By Steve Ginsburg
(Reuters) - A Chicago-based team that last year became the first all-black contingent to win the U.S. Little League Baseball championship was stripped of the title on Wednesday for cheating by using players who lived outside the geographic area set for the squad.
The Jackie Robinson West team met with adjoining Little League districts in Illinois to secure players and build what, in effect, became an all-star team, Little League Baseball said, blaming the situation on "the action of adults."
Little League International Chief Executive Stephen Keener told Reuters the team "encroached on the neighboring territory of at least three neighboring Little League programs" to secure players.
The 2014 U.S. championship has been awarded to the Mountain Ridge Little League team from Las Vegas, which lost to the Chicago squad in the title game, officials said.
"It’s a sad day for a bunch of great kids," Keener said in a telephone interview. "We adults will deal with this. But today, our hearts are heavy for the kids that played on that Jackie Robinson team. They’re as much victims in this as anybody."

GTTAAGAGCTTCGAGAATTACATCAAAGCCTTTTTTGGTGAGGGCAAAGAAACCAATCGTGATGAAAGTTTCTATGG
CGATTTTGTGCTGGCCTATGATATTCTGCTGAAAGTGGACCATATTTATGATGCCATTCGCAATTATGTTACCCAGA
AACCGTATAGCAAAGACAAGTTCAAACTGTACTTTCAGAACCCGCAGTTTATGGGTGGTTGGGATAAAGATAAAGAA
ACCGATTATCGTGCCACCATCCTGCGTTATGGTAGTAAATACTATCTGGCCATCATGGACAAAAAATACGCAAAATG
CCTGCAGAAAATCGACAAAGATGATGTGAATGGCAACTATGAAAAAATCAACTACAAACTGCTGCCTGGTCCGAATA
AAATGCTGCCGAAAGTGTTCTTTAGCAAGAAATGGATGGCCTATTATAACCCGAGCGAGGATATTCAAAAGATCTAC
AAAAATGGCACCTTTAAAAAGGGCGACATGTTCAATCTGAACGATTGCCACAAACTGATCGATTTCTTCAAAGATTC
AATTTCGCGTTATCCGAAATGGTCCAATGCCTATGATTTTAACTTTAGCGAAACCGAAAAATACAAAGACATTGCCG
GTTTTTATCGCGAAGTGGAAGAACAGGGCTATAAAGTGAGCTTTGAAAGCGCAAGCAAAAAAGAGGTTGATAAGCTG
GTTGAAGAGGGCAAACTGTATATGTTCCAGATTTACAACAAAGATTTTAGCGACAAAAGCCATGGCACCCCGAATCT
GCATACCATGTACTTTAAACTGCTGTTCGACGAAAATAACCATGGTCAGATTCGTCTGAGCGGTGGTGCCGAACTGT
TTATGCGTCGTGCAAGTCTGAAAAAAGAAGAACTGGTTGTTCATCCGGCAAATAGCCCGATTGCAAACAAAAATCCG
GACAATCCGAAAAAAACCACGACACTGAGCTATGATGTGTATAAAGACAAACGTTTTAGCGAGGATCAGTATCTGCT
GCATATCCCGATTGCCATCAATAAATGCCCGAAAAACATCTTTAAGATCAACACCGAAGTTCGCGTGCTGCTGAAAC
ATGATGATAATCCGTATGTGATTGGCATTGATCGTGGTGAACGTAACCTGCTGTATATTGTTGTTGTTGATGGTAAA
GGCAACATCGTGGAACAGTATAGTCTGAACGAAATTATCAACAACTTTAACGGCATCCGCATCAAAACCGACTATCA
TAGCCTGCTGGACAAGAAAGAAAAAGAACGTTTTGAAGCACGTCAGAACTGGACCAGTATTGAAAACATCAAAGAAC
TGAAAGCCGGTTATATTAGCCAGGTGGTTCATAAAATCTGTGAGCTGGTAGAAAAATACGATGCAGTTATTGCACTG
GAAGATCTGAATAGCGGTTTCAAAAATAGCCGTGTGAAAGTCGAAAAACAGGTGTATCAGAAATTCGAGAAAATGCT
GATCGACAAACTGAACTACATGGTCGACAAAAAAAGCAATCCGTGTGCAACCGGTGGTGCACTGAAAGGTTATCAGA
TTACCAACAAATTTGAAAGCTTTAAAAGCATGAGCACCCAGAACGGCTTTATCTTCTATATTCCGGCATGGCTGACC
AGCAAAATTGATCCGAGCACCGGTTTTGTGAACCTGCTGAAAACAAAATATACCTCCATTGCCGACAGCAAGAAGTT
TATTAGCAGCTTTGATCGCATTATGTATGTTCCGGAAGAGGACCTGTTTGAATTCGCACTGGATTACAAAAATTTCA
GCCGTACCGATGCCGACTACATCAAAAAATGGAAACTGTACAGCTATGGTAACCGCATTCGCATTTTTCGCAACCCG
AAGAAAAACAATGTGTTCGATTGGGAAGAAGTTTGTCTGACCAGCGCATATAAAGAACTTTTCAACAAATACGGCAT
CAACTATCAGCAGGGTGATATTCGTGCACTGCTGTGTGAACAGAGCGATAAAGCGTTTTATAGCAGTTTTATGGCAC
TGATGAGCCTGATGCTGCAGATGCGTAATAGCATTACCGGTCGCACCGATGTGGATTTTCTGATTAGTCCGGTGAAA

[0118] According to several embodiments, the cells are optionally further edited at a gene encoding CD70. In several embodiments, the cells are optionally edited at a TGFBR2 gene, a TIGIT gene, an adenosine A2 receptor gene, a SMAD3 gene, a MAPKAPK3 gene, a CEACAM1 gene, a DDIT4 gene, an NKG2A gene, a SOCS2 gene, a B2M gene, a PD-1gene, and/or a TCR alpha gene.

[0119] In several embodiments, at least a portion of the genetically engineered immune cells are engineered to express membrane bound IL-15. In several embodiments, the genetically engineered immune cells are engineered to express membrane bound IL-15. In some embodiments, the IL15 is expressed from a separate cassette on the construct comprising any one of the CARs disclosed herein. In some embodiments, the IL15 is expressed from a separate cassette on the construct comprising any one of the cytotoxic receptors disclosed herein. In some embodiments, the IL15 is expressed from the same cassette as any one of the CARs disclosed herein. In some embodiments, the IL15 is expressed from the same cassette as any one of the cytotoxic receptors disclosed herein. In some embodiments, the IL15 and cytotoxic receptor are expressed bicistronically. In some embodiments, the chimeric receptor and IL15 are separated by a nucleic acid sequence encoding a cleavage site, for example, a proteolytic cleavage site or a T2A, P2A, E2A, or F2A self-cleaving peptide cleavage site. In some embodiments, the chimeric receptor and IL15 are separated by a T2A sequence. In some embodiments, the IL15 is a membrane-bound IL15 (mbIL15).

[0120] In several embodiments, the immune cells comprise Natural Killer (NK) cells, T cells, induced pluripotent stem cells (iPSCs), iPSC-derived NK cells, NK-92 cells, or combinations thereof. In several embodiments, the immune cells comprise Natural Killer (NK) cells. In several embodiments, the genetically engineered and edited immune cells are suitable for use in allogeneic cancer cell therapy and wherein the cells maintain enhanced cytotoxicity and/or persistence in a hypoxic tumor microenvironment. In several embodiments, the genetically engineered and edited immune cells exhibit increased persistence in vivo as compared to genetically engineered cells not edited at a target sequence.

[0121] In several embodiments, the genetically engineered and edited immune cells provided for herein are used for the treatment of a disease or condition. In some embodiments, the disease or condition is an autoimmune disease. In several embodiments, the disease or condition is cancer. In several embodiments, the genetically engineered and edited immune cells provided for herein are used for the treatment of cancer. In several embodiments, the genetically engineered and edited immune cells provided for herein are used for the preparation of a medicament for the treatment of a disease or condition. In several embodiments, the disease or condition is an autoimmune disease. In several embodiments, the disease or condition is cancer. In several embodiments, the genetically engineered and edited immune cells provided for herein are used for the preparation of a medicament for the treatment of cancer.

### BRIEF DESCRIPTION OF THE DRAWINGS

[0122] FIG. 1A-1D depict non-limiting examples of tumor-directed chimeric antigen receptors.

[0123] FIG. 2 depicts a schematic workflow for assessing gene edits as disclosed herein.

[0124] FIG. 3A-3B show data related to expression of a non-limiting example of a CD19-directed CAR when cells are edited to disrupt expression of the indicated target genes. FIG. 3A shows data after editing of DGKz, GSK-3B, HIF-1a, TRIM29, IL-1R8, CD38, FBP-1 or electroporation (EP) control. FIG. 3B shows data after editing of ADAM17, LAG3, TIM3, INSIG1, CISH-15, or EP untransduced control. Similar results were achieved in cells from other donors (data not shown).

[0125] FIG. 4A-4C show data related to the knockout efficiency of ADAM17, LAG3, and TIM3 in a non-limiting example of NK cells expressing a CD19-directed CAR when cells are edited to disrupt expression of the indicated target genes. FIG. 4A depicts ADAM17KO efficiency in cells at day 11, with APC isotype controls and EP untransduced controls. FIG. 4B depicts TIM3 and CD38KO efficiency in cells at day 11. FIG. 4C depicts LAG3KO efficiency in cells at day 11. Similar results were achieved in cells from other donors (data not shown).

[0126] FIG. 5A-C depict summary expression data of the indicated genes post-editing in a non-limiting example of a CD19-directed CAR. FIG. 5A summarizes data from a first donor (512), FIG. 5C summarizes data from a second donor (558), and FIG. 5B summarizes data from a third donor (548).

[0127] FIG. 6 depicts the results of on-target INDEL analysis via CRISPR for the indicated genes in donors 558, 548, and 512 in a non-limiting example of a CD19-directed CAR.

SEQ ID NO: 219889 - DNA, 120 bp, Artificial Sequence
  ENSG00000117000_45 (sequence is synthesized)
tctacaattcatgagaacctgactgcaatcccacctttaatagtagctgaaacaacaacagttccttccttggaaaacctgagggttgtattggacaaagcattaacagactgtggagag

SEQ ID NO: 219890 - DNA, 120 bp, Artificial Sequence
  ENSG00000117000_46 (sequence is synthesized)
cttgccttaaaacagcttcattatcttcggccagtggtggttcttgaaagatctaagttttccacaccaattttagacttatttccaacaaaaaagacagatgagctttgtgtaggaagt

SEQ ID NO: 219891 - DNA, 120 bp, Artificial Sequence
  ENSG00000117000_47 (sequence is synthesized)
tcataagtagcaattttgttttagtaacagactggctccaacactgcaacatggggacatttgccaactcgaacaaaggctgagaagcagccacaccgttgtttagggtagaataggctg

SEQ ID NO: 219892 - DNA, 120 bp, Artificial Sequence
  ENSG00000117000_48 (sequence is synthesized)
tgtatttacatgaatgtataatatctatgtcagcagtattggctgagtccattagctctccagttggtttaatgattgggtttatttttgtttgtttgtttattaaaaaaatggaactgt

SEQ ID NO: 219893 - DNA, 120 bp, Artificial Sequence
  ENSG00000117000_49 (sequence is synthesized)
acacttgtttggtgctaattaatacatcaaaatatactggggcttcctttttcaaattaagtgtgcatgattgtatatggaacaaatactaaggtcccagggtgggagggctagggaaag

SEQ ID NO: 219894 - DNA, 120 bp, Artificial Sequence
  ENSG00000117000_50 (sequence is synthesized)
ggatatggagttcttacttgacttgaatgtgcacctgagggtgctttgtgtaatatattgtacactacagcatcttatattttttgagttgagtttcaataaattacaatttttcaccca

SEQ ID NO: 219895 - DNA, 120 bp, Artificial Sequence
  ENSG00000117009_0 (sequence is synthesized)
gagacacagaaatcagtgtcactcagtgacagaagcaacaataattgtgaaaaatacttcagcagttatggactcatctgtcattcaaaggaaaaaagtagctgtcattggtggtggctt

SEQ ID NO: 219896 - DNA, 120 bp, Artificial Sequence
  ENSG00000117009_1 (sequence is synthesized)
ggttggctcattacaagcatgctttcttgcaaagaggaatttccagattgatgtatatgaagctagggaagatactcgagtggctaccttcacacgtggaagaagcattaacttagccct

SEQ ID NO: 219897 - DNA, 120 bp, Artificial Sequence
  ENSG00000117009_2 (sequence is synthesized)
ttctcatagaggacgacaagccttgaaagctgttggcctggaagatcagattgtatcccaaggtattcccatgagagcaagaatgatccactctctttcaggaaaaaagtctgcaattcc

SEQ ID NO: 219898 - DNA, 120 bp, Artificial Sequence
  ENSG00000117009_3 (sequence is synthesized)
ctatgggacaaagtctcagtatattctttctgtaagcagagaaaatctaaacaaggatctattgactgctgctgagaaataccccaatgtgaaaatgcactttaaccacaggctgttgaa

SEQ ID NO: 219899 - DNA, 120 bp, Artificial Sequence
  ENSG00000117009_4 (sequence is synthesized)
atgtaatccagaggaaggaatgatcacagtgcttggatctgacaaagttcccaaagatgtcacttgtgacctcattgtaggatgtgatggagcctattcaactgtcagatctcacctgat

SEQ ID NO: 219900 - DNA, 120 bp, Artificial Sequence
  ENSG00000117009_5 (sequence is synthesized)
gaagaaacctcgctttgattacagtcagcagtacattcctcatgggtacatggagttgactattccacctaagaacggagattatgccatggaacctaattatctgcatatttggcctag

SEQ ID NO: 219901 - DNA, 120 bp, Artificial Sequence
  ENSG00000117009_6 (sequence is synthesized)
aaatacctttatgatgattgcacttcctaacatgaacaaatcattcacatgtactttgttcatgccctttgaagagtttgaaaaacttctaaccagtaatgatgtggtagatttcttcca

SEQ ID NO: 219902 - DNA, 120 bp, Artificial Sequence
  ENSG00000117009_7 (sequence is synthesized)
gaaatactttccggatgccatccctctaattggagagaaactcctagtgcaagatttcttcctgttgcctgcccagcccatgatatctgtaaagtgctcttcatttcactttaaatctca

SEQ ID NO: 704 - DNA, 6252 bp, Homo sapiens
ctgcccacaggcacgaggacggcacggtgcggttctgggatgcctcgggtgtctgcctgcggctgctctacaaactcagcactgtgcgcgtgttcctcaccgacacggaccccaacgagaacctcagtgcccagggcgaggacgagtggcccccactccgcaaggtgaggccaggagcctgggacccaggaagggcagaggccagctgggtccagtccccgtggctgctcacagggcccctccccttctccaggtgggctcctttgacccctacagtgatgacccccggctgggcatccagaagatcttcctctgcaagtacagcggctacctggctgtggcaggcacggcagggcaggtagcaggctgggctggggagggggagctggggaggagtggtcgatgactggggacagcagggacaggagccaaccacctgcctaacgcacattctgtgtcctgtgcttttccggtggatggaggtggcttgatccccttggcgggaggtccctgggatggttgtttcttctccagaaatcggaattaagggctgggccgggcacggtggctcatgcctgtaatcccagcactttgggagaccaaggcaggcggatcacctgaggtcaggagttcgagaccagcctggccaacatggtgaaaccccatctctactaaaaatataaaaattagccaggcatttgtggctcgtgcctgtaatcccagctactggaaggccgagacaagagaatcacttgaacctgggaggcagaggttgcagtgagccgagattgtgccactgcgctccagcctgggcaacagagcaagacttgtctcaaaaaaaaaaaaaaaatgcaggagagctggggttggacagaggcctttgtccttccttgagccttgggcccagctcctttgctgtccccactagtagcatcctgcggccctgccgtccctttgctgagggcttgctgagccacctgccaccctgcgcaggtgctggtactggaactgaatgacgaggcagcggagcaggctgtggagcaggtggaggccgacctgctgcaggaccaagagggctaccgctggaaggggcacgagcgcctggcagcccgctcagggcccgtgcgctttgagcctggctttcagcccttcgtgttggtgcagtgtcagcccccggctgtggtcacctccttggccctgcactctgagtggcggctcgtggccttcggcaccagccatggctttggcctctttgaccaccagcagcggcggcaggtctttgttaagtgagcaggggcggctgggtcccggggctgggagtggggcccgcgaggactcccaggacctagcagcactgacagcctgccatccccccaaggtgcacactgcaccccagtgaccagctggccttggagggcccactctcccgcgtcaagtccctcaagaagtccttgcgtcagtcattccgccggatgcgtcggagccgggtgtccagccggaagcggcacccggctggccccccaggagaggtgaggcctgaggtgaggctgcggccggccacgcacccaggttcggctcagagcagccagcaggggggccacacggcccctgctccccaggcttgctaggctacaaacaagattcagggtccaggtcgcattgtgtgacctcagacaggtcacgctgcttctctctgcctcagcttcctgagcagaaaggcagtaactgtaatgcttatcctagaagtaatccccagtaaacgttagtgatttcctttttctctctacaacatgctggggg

Little League Baseball said Darold Butler, the Chicago team's manager, has been suspended from Little League activity because of the violation and Illinois District 4 Administrator Michael Kelly also has been removed from his position.
Jackie Robinson West defeated the Las Vegas team 7-5 in the U.S. title game last August before losing in the global Little League championship game to a squad from Seoul, South Korea, 8-4.
The nation's third-largest city, which has been troubled by violence and budget problems, embraced the team's success.
Tens of thousands of people lined Chicago's streets to cheer the 11- and 12-year olds who rode on buses through the city after their U.S. title win. They went on to visit the White House and receive other honors.
Team officials on several occasions had rebuffed media reports and accusations that some of the players were not residents in the team's official boundary area, or that the boundary area had been expanded incorrectly.
"We have 7,000 leagues in 82 countries that look to this organization to maintain the integrity and the credibility of the Little League program," said Keener. "When we're presented with confirmation of violation like this, it's our responsibility to not tolerate it and take the appropriate action."
"As painful as it is, as heartbreaking as it is, it's unfortunately a necessary action that we had to take," he said.
(Reporting by Steve Ginsburg in Washington; Additional reporting by Fiona Ortiz in Chicago; Editing by Will Dunham)